Purpose: Standing electric scooters are a relatively new mode of transportation that are becoming increasingly popular in large metropolitan areas. The purpose of this study was to characterize injury patterns and identify risk factors for craniomaxillofacial injuries in standing electric scooter accidents.
Methods: This retrospective cohort study used a Clinical Data Warehouse search engine to identify patients who sustained standing electric scooter accidents from 2017 to 2019 using the International Classification of Diseases 10th revision codes. Predictors including patient demographics, presence of intoxication, helmet use, mechanism of injury, and other noncraniomaxillofacial injuries sustained at the time of standing electric scooter injury were identified. Patients were grouped as per the presence or absence of craniomaxillofacial injuries so that risk factors could be identified for craniomaxillofacial injuries in standing electric scooter accidents. Logistic regression analysis was performed to identify potential risk factors and association for craniomaxillofacial injuries.
Results: The sample was composed of 165 patients with a mean age of 30.3 years and 73.9% were men. Of them, 38 (23.0%) sustained craniomaxillofacial trauma. They were ten times more likely to have been intoxicated than those who did not have craniomaxillofacial injuries (4.7 vs 52.6%). Concomitant injuries of the extremities and the craniomaxillofacial region were rare indicating that in many cases the arms and legs were not outstretched to "break the fall." The high numbers of mandibular fractures to the condylar, subcondylar, and symphyseal regions (23.8, 33.3, and 28.6%, respectively), Le Fort fractures (18.4%), and frontal sinus fractures (15.8%) indicate that falls in the anterior-posterior direction occur with the main point of impact occurring at the chin, midface, and forehead.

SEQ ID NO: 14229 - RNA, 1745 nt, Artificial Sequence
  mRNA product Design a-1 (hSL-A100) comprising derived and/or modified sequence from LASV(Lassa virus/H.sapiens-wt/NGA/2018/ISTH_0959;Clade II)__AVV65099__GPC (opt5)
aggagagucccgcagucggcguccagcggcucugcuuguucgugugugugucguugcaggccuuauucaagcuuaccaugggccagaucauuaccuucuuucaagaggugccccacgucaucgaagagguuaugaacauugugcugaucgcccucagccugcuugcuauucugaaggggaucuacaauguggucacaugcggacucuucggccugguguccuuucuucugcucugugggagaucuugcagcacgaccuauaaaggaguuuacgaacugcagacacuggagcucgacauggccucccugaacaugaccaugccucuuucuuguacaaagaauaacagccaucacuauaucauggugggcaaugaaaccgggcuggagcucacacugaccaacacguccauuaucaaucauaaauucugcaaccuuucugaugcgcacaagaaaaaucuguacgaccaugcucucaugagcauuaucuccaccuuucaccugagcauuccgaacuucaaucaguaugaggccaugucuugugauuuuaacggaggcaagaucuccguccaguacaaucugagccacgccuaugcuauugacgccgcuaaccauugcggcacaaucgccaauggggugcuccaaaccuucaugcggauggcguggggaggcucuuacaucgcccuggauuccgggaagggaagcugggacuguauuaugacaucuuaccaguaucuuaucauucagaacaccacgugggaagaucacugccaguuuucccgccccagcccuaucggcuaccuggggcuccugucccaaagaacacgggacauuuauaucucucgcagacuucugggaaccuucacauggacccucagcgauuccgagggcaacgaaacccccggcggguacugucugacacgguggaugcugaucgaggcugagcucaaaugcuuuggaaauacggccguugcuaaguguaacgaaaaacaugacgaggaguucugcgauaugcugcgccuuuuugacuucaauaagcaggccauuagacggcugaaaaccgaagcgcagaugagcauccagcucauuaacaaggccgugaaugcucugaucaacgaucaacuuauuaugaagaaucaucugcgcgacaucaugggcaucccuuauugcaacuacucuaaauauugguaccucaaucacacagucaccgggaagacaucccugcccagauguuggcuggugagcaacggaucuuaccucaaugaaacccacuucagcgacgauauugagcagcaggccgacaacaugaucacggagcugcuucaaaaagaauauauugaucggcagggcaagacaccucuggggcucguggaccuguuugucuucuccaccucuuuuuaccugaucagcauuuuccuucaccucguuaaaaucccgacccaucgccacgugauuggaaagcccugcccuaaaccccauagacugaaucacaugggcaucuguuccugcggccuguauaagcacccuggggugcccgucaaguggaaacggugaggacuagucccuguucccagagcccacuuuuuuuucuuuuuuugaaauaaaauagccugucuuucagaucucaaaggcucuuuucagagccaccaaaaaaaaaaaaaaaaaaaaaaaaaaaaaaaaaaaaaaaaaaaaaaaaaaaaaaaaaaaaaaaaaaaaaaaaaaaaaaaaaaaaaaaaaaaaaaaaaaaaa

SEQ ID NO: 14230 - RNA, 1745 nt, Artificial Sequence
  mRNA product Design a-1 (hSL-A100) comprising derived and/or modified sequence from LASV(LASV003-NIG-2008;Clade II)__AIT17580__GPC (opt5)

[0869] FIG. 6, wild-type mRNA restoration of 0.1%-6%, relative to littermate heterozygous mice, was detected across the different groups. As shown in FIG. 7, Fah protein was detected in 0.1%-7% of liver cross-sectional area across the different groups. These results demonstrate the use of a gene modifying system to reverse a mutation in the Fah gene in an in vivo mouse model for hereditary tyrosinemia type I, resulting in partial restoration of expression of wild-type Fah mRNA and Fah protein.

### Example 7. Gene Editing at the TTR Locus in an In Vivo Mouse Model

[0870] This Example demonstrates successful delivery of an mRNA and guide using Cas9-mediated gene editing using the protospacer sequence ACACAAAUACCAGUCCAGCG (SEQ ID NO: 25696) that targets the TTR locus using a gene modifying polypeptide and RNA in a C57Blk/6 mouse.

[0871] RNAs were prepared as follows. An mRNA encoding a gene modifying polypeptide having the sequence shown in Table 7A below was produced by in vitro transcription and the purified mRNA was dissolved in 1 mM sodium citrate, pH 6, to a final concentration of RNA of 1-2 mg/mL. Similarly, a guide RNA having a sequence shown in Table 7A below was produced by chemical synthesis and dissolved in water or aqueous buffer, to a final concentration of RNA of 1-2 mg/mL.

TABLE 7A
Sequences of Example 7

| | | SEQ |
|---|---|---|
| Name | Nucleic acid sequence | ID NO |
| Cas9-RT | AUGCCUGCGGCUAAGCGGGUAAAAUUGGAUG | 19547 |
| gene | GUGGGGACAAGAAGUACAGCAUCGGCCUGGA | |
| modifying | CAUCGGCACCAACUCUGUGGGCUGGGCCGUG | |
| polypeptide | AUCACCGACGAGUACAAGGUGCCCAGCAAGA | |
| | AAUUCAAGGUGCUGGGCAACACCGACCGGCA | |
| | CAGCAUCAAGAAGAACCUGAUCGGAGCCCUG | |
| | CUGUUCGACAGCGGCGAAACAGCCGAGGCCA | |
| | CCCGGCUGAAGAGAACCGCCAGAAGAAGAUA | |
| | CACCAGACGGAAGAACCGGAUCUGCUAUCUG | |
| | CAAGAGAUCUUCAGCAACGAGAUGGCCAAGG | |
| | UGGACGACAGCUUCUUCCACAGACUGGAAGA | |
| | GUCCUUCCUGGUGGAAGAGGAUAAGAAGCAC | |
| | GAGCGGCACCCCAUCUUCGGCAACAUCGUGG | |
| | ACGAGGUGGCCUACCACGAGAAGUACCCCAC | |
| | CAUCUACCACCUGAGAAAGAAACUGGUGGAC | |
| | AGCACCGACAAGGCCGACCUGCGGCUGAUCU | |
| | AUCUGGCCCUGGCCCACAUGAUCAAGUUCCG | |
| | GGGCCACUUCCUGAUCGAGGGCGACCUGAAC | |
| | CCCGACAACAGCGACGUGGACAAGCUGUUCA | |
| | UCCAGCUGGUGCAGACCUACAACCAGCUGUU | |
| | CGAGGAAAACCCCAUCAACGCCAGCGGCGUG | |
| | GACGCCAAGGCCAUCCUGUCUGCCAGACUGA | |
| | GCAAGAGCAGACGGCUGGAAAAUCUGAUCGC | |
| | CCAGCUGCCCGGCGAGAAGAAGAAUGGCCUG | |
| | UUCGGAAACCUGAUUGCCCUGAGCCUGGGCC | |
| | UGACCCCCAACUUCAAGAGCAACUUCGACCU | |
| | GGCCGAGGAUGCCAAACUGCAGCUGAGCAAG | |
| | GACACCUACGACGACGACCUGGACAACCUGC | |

Conclusions: Intoxication may inhibit or depress protective reflexes that leave the face and head vulnerable during standing electric scooter accidents.
Copyright © 2020 American Association of Oral and Maxillofacial Surgeons. Published by Elsevier Inc. All rights reserved.